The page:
Welcome back to the Epilog studio! In this episode we’ll be focusing on personal protection equipment with the creation of a quick-to-cut and assemble acrylic face shield designed to support those on the front lines during the COVID-19 pandemic.
As an alternative to PETG plastic, we’ll be using thin flexible clear acrylic, and we've included various vendors below.
Special shout out and thank you to Jason Reizner with the Bauhaus Form + Function Lab at the Bauhaus-Universität Weimar, located in Germany, for their creative commons Bauhaus Uni Visor design file. The file includes a two-part headband accommodated for smaller lasers with a 24" x 12" (610 x 305 mm) work-area and assembly instructions.
- Acrylic Sheet - At least 24" x 12", 0.020" or .030" thick, (60 cm x 30 cm x 0.5 mm)
IPI Crystal Gloss Clear, Rowmark General Purpose Acrylic or JDS Acrylic
- Epilog Fusion Pro Laser machine
We used an 80-watt Fusion Pro 32:
Vector // Speed 20% // Power 100% // Frequency 100%
For this project we’ll be utilizing our Fusion Pro laser machine with IRIS camera registration technology. At the laser, we’re going to begin by placing the 24” x 12” (60 cm x 30 cm) Crystal Gloss Acrylic sheet into the laser machine.
Then using the auto-focus feature, we’ll bring the material into focus for cutting.
File Info & Preparation Before Printing
We have this project file available for you in multiple formats (CDR, AI, PDF, and EPS), so be sure to check out the download folder to find the one(s) that you prefer.
With the cut file now open in our design software, you’ll notice there are two variants of the face shield headband. Variant A requires a larger laser and larger sheet of acrylic, whereas variant B has been reconfigured to accommodate smaller lasers and a common sized sheet of 24" x 12" acrylic (60 cm x 30 cm).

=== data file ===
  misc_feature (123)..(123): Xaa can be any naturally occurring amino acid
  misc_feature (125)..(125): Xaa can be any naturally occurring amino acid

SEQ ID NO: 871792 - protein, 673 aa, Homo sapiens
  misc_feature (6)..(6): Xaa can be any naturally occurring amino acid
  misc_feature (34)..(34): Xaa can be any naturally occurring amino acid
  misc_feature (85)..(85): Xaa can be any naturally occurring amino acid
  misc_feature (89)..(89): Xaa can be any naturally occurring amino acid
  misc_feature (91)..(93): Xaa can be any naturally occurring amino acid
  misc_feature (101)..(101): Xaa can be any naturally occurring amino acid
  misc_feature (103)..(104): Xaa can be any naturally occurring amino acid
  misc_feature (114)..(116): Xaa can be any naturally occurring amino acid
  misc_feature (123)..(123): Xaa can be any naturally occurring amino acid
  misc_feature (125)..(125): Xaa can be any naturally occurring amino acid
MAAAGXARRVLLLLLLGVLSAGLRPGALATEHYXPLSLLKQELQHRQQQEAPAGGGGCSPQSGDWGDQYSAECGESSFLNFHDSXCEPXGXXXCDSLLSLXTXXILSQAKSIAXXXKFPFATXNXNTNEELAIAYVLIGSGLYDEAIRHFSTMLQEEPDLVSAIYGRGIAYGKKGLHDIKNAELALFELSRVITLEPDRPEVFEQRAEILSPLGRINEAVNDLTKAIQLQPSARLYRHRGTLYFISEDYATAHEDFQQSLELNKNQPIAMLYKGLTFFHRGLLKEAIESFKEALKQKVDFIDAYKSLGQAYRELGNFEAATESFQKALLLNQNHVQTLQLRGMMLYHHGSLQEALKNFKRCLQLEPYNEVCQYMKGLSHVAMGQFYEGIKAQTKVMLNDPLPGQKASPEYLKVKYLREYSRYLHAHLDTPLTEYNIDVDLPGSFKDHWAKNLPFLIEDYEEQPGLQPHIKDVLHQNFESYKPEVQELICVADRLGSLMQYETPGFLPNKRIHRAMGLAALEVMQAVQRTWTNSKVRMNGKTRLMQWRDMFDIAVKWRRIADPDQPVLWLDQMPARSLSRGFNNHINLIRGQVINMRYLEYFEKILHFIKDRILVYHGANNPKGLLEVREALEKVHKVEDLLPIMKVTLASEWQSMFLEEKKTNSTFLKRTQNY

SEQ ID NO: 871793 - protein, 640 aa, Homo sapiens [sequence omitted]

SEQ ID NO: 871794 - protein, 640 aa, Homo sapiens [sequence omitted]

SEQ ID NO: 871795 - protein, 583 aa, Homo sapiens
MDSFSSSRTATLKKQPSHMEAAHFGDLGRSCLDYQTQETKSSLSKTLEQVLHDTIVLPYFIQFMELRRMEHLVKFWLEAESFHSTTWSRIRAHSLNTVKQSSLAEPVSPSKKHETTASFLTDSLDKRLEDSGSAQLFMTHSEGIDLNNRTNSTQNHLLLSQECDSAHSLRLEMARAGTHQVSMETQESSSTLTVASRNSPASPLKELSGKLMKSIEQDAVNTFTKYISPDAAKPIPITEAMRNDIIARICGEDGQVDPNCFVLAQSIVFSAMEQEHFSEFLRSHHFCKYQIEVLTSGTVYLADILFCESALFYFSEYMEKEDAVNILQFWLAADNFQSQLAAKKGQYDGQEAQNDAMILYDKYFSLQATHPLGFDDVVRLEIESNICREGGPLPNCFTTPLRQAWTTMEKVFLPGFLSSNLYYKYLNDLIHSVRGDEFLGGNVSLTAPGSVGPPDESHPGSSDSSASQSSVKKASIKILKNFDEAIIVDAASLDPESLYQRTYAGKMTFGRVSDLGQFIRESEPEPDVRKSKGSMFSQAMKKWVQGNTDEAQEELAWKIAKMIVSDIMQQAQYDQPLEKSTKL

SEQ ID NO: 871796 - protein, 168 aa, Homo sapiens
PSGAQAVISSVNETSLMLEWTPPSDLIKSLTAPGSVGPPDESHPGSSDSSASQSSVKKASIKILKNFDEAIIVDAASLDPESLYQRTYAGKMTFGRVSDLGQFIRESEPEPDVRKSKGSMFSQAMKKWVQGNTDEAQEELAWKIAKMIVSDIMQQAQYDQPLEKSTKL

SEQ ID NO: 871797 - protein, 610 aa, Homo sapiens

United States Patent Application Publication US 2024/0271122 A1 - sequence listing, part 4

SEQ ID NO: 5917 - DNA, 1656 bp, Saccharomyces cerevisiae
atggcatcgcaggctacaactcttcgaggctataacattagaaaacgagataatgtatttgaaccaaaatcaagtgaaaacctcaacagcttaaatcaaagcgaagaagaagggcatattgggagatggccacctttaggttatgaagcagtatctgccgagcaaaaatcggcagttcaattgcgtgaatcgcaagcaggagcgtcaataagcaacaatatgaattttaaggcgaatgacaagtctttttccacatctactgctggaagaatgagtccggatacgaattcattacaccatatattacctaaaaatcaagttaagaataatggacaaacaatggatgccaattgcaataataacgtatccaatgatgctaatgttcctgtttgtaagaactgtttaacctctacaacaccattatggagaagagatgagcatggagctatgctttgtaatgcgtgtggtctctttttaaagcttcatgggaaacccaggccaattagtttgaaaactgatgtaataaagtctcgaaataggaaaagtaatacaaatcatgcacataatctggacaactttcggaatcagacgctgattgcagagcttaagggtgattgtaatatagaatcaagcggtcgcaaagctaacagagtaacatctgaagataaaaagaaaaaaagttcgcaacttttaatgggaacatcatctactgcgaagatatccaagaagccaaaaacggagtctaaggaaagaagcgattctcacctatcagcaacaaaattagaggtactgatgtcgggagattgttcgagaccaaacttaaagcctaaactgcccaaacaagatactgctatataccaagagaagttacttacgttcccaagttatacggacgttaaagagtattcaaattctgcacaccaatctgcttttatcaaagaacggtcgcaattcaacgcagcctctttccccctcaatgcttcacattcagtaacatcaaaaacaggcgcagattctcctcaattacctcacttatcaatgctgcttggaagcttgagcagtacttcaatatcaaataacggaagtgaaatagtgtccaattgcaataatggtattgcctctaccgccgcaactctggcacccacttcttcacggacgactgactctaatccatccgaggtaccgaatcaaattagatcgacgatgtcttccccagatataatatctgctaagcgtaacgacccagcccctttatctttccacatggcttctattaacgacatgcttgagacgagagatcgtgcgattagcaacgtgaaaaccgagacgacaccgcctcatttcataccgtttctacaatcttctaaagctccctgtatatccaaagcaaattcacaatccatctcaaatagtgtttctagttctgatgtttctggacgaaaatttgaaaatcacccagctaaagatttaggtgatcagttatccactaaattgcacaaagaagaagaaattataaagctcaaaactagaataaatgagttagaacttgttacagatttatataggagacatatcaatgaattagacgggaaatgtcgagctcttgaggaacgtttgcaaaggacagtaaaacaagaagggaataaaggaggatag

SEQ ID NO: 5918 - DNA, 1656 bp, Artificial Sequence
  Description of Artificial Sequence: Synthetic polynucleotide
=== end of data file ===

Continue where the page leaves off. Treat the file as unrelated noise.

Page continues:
Before we print this job to the laser, we are going to select the parts we need and place them into a new file setup for a 24" x 12" (60 cm x 30 cm) sheet of plastic. Then, we'll convert all of our cut lines to a single color, in this case black.
Printing Process & Laser Parameters
With our parts now pasted into our new file and all the lines now converted to one color, we’re going to print our cut lines to the laser and apply the necessary settings to cut out the face shield parts.
Within the Epilog Software Suite, we’ll set the Process Type to Vector, Speed to 20%, Power to 100%, and Frequency of 100%, then print the file to the laser for cutting. Depending on the configuration and wattage of your Epilog Laser system and thickness and type of material you use, we suggest running a few test cuts to dial in the settings for your specific laser machine.
At the Laser Cutter
Now at the laser system, we’ll select our laser job from the touch screen control panel, and then press the Go button to begin cutting out our parts.
The laser machine will make quick work of cutting the two-piece headband and main face shield parts from the thin, clear acrylic.
Bauhaus Mask Preparation & Assembly
Once the acrylic face shield parts are finished cutting, we’ll remove them from the laser bed, and begin removing the masking material from both sides of the three-parts that make up the face shield.
With the masking material removed, we’ll begin assembling our mask, using the assembly guide provided by Bauhaus.
For the two-part headband section, begin by combining the two headband pieces together and locking them in with the locking tab.
Once we have the headband pieces connected, we’ll insert the headband through the face shield holes and utilize the Bauhaus instructions from this point forward to complete assembling the face shield.
You may need to test fit the headband and make adjustments for the user, but once fitted properly, the headband should sit comfortably, as shown here.
And there you have it! A PPE face shield quickly created with an inexpensive sheet of thin acrylic and an Epilog Laser machine. Thanks for watching, and please stay safe and healthy